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Rodney Hide: The writing's on the arm

Claire Nathan's tattoo provoked a dispute with the country's national airline.  Photo / Maori TV
Claire Nathan's tattoo provoked a dispute with the country's national airline. Photo / Maori TV

Air New Zealand's rejection of would-be cabin crew member Claire Nathan because of the ta moko on her forearm highlights how New Zealand is developing and unfolding in new and exciting ways.

No longer must we think through the consequences of our actions. This is very liberating. For Nathan, her dream was to work serving the diverse customers who fly Air NZ. In the past she would have had to think through personal decisions that might affect her chances of a job. Like having a tattoo on her arm.

Not any more. She can have her tattoo and Air NZ is wrong to object.

The second great development is that you don't have to suffer the consequences of your decisions in embarrassed silence. You can trumpet poor treatment in the media and instantly become the victim.

The third is that we are quick to spot any hint of racism. Nathan is Maori. Maori traditionally had tattoos. Therefore, Air NZ is discriminatory and racist.

We have yet another opportunity to prove again that we are ever-vigilant in battling the scourge of racism.

Fourth, everything is political. Prime Minister John Key is not only asked to comment on the poor victim's plight but does: "I guess it's a matter for them. I don't know why they chose to do that but tattoos are pretty common these days."

Key declared he didn't believe the traditional motif would put off tourists.

All decisions now are appealable to the Prime Minister. His quick public comment gave Air NZ a very clear steer.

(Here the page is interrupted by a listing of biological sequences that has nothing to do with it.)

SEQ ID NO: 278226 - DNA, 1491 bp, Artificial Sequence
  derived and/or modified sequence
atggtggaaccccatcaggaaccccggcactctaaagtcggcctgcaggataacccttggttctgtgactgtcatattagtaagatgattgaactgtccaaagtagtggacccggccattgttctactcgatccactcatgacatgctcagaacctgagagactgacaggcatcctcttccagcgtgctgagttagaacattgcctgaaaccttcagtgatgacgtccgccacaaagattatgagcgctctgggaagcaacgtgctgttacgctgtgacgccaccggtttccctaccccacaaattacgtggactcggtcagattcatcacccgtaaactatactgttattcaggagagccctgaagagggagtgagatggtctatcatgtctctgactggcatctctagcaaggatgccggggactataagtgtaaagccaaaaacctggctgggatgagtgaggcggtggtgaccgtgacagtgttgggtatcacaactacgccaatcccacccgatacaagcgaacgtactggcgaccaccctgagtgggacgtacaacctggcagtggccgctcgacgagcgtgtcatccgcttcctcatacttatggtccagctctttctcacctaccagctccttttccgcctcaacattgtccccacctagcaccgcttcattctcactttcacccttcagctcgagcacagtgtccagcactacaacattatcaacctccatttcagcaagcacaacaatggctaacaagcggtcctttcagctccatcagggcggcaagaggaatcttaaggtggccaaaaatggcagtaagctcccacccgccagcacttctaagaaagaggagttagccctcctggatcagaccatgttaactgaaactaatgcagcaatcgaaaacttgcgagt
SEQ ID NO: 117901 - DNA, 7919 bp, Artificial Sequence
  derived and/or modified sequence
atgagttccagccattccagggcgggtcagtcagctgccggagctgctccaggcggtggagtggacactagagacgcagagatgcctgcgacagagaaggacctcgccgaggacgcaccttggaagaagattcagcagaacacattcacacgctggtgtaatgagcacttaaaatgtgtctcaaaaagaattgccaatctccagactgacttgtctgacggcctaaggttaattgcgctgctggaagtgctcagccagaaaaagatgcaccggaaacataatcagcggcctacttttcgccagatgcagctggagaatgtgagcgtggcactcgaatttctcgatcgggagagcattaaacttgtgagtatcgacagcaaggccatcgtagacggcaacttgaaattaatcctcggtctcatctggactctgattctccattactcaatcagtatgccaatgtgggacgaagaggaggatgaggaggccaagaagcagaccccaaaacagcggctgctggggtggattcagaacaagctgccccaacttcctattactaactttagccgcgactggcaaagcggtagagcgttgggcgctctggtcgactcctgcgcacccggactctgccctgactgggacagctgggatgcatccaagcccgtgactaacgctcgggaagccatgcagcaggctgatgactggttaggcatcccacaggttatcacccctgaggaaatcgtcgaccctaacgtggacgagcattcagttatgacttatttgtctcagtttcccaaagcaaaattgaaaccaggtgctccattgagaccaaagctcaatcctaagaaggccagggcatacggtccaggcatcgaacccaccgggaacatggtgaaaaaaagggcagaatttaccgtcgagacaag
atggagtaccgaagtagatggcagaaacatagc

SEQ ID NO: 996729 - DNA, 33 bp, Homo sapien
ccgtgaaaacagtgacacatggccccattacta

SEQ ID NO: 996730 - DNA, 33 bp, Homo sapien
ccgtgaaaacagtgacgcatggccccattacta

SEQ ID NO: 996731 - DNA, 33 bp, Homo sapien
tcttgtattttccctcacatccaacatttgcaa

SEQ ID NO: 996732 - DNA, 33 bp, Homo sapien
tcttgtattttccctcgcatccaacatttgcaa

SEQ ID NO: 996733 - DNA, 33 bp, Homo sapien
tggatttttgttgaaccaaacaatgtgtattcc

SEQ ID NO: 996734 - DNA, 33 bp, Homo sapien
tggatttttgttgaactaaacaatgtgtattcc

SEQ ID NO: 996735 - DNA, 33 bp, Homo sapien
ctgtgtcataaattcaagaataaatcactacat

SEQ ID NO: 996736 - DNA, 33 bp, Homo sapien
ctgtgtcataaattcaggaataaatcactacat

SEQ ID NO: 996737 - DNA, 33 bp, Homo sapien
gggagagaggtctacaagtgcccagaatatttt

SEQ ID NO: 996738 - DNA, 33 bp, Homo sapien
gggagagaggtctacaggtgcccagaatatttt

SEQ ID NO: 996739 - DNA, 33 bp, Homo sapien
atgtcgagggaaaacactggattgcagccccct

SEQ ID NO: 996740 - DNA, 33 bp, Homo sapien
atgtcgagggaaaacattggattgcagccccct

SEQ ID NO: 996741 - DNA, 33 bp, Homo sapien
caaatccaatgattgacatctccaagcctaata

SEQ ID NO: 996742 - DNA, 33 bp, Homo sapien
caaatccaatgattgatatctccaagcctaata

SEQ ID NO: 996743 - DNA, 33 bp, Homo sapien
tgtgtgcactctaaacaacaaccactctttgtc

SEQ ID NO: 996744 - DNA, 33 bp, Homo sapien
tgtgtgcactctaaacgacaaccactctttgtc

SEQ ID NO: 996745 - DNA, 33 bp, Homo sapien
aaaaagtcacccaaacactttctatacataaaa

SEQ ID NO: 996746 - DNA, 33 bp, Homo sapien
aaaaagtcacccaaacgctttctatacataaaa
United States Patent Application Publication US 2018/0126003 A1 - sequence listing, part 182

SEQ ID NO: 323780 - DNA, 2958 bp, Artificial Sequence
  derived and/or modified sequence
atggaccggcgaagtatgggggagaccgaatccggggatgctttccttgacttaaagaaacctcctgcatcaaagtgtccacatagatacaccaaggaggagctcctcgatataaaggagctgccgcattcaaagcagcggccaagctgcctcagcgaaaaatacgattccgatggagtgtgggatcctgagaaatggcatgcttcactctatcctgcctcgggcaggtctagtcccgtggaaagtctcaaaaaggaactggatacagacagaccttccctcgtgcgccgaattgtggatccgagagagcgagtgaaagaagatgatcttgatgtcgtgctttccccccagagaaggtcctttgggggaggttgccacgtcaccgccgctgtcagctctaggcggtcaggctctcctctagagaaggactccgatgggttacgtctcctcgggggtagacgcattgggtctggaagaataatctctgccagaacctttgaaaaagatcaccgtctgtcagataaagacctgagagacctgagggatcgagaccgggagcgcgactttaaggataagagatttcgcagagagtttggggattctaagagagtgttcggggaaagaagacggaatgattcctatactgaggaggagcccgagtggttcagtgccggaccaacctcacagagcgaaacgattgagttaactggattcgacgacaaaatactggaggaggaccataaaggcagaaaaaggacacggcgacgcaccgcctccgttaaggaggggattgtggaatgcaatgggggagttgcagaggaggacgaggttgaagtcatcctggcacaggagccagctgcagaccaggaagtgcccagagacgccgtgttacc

Fifth, we are no longer hidebound by law and precedent. The Human Rights Tribunal adjudicated a similar case just two years ago. They found that a company asking a staff member to cover her ta moko was within the law.

That's because the request concerned the tattoo and tattoos aren't unique to Maori.

But that's the law and how it was decided two years ago. We have moved on. It's not our fault if the law can't keep up.

That, too, is liberating. Finally, we must be proud that we now forge ahead with our values and norms irrespective of others. Airlines such as Qantas, British Airways, Delta and Emirates prohibit cabin crew exposing tattoos.

That's because big chunks of the world's people are uncomfortable with tattoos up close.

Even the mighty All Blacks had to cover their tattoos when training in swimming pools in Japan.

But those troubled by tattooed cabin crew can fly on other airlines. We don't care.
We now get to decide our own standards of presentation and behaviour.

If others don't like it, apparently that's their problem. They should learn some manners.

Debate on this article is now closed.

- Herald on Sunday

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